Greek ramblings
Andros header

Andros is one of our favourite places in Greece. We’ve been half a dozen times since we first came in May 2004, and seem to gravitate back here about every other year.

Andros town suits us really well. There is a big enough town for it never to feel over dominated by tourists, and to get a real flavour of Greek life. As well as the lively and beautiful town, there are fantastic walks, good beaches, nice tavernas and pretty villages.

It’s got some of the best walking we’ve discovered, with a network of reasonably signposted paths going through beautiful valleys and hills. Unusually, there is a lot of water on Andros, and everywhere you’ll find springs and wells. There are even rivers and a dramatic waterfall, particularly impressive in the spring.

The walks section has lots more information on some of the wonderful walks you can do on Andros.

houses

Chora, where we stay, is a beautiful old town stretched out over a peninsular, with picturesque houses clinging to the cliffs over the sea. We think it’s definitely the best place to stay on the island, but may be partisan about this.

It is a working town and is big enough to have a health centre, town hall, post office, cinema, several museums and a lively main shopping street. Cars aren’t allowed in the old town, which makes the majority of the town blissfully car-free.

chora shop

The main street is a centre of activity, with people shopping, sitting in cafes, and taking a stroll.

This is a proper high street, with lots of everyday shops – bakers, butchers, greengrocers, a small general store, clothes shops, banks, shoe shops and a small bookshop. Generally, the tourist and souvenir shops are in the minority although they are gradually increasing over time.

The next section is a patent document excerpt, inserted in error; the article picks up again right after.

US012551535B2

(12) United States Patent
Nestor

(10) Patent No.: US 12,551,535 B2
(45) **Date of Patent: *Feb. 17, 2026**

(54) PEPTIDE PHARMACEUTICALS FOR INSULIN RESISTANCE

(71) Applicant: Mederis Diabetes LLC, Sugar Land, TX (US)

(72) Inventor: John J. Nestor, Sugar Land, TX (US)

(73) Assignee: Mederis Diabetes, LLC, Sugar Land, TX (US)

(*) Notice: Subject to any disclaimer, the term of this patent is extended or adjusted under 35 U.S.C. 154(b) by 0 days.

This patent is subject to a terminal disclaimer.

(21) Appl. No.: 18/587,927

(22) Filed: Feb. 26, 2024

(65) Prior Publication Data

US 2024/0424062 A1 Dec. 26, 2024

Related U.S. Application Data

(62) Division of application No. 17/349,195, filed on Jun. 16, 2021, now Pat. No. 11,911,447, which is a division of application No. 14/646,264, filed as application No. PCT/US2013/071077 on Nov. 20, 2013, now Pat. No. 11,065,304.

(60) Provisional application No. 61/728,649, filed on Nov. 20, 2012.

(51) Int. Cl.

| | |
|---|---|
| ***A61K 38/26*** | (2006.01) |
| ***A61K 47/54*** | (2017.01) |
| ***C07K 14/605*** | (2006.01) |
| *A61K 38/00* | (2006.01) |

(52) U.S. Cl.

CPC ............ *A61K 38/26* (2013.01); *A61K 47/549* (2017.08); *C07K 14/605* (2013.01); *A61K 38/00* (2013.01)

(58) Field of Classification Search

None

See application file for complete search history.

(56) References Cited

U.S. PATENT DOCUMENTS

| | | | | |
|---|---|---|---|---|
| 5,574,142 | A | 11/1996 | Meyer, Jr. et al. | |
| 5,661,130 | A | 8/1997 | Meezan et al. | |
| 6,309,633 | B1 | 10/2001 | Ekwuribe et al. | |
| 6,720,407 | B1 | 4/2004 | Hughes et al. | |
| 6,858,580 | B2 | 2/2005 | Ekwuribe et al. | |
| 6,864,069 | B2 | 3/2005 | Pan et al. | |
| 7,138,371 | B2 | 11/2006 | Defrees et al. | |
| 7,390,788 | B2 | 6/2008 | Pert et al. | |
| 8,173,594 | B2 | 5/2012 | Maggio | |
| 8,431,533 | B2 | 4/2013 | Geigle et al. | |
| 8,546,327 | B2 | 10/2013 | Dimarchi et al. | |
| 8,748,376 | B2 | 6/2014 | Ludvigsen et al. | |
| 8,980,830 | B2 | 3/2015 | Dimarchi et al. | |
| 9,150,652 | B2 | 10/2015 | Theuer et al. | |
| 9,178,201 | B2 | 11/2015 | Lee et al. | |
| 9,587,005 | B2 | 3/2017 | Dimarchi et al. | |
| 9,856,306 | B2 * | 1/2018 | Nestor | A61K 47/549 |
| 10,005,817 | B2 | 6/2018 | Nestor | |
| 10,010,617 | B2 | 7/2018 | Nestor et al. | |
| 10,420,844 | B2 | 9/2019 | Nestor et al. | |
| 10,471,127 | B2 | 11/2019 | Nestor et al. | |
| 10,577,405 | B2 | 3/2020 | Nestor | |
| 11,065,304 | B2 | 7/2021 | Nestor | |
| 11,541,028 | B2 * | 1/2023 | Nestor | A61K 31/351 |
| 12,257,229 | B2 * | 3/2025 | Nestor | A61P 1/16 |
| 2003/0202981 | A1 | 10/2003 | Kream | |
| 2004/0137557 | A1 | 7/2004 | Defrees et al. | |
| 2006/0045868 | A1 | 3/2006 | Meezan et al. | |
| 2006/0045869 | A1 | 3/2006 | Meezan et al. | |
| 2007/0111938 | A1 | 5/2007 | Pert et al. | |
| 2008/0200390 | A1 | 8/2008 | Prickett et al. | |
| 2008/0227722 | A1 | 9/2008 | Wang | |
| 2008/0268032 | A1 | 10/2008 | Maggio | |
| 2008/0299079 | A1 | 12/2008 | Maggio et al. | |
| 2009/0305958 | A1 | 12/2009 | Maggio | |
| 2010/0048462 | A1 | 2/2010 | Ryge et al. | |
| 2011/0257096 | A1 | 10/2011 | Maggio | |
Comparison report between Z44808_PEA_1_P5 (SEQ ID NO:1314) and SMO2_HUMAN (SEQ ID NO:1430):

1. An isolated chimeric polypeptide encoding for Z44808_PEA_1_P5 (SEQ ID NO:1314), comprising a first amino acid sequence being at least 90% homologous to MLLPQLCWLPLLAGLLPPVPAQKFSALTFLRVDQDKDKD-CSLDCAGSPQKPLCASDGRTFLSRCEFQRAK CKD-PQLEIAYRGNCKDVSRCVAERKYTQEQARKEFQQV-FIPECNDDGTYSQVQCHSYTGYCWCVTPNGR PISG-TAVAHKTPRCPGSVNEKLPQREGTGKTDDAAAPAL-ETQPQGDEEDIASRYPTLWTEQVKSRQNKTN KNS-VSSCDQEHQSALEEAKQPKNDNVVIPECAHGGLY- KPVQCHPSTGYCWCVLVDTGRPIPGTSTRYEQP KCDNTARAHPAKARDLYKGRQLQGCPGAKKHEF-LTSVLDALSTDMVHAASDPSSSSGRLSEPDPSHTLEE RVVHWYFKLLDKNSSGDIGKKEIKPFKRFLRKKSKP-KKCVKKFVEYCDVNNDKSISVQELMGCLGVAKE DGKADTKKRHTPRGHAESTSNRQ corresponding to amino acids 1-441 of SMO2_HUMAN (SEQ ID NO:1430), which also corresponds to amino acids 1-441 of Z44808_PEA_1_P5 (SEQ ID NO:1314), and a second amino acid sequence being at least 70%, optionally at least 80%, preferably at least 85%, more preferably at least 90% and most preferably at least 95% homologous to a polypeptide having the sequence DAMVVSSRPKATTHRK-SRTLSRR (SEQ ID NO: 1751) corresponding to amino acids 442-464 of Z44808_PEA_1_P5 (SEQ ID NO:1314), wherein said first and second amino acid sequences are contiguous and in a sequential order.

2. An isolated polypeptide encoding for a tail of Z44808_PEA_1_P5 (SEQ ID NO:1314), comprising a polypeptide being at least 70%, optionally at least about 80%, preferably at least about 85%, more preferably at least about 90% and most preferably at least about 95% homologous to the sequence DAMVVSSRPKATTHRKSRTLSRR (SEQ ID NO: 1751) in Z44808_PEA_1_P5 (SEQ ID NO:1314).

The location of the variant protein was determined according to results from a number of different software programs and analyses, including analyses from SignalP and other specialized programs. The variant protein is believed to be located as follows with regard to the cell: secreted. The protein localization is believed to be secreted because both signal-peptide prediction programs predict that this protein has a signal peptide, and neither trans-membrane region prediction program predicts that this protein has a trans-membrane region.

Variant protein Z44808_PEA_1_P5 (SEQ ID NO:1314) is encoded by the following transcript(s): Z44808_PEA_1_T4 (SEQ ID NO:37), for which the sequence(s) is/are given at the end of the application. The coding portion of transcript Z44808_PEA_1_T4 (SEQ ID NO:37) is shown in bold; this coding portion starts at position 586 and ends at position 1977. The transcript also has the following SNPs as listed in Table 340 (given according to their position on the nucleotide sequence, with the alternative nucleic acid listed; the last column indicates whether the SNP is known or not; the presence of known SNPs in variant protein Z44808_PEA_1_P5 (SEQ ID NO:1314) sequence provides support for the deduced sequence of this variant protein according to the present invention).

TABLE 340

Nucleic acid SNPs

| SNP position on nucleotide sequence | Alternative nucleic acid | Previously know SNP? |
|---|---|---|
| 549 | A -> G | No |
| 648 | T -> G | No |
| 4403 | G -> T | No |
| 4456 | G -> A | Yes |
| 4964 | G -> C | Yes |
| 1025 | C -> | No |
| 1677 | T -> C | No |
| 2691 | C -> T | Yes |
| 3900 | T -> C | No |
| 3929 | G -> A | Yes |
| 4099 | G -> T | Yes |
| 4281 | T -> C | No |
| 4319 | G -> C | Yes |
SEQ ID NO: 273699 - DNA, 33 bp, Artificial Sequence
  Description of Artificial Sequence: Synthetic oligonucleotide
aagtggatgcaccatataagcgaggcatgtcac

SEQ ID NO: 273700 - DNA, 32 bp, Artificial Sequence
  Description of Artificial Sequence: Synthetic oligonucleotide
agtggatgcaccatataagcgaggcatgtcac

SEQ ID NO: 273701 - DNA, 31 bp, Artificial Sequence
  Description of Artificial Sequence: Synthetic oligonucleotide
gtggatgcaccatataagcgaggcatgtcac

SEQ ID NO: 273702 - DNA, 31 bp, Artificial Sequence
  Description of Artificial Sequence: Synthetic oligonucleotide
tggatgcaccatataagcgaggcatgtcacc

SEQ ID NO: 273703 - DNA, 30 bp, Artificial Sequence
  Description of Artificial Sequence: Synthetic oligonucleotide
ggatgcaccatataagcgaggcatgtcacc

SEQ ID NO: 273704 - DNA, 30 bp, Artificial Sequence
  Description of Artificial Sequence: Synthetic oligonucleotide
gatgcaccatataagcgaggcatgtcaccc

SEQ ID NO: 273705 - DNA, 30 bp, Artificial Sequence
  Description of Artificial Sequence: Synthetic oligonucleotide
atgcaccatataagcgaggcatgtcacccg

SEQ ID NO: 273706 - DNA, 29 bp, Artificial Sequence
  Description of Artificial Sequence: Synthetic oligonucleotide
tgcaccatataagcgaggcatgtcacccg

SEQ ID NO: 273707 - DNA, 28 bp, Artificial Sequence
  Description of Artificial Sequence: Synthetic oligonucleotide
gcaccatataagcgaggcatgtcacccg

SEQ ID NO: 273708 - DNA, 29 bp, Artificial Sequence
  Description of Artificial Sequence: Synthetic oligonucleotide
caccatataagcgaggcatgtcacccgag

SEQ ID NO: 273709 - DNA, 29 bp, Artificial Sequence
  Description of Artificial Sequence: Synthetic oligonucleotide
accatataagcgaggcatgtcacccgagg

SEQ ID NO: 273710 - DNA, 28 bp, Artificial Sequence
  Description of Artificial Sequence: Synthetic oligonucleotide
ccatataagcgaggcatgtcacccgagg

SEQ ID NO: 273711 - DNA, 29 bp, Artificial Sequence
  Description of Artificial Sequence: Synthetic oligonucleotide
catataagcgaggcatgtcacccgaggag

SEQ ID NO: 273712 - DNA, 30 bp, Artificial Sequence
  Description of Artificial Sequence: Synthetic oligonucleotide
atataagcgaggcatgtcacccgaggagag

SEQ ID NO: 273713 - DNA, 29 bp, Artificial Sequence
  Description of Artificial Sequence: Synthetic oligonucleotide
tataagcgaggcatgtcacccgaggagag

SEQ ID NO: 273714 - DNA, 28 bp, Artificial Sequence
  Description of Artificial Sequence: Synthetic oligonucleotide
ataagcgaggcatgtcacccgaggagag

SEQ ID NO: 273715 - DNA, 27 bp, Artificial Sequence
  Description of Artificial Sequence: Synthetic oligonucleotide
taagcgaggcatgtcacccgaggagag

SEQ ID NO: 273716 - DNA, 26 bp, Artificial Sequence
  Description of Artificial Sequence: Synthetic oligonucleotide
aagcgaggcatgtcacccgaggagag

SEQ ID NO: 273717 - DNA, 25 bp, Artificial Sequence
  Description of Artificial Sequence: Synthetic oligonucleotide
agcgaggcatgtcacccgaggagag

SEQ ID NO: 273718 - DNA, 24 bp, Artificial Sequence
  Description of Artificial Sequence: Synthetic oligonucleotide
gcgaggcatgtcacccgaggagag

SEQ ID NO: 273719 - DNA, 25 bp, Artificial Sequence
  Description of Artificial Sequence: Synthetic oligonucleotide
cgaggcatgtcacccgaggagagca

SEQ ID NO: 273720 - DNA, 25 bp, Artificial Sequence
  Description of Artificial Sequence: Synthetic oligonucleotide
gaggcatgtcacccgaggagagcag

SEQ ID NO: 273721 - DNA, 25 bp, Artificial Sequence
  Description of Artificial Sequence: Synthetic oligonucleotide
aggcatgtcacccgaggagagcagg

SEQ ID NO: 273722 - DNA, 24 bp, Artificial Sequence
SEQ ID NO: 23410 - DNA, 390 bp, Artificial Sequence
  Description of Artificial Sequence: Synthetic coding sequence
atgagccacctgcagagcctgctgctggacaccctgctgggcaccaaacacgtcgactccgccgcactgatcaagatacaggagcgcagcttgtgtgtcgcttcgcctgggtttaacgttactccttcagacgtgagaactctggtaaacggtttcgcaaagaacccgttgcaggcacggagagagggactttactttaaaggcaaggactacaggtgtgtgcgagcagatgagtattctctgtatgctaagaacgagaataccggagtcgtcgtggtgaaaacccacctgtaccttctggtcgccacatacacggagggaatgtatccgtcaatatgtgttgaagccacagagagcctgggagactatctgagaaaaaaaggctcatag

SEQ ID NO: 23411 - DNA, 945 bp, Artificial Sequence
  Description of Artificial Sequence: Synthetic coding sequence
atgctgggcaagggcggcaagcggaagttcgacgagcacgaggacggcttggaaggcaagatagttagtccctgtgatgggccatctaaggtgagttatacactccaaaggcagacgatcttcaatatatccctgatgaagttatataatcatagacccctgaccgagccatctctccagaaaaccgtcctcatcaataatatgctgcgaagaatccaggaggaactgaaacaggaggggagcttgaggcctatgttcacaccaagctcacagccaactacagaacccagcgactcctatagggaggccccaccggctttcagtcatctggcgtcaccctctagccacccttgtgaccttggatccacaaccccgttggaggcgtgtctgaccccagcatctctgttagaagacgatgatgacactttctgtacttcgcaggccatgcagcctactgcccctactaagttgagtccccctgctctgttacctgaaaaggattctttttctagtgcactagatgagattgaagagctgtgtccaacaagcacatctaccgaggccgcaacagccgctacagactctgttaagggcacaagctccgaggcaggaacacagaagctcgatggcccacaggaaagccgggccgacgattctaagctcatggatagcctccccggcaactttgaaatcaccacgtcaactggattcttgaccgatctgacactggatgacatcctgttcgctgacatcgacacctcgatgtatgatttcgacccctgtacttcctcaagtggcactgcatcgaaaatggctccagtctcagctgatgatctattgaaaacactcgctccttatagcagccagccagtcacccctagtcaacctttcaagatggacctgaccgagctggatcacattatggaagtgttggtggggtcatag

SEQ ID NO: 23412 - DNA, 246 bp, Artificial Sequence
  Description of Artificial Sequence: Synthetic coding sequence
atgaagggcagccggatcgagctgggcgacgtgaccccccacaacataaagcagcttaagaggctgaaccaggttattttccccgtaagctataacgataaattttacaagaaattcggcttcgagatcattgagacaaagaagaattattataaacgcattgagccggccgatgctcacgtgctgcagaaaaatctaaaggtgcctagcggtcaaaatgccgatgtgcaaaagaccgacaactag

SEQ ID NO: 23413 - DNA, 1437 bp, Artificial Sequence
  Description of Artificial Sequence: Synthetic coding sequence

The main street opens out in to an elongated square, with the archaeological museum on one side, flanked by our favourite café, the Ermis.

chora plateia

An archway leads into the older, mainly residential part of the town (although there are an assortment of arty tourist shops in the first stretch of this). The street leads down to a square right at the tip of the peninsular, where there is a large soviet style statue of a sailor.

There is plenty to explore in the little alleys and pathways, leading off from the main street, and some beautiful old houses.

If you stand in the square you look out at sea on both sides. Two sets of steps lead out of the square, one going down to Nimborio beach, and the other to Paraporti beach.

On the steps down to Nimborio you’ll find the Museum of Modern Art, a philanthropic venture of the Goulandris, one of the island’s most well known wealthy families (they have also funded the Cycladic Museum in Athens).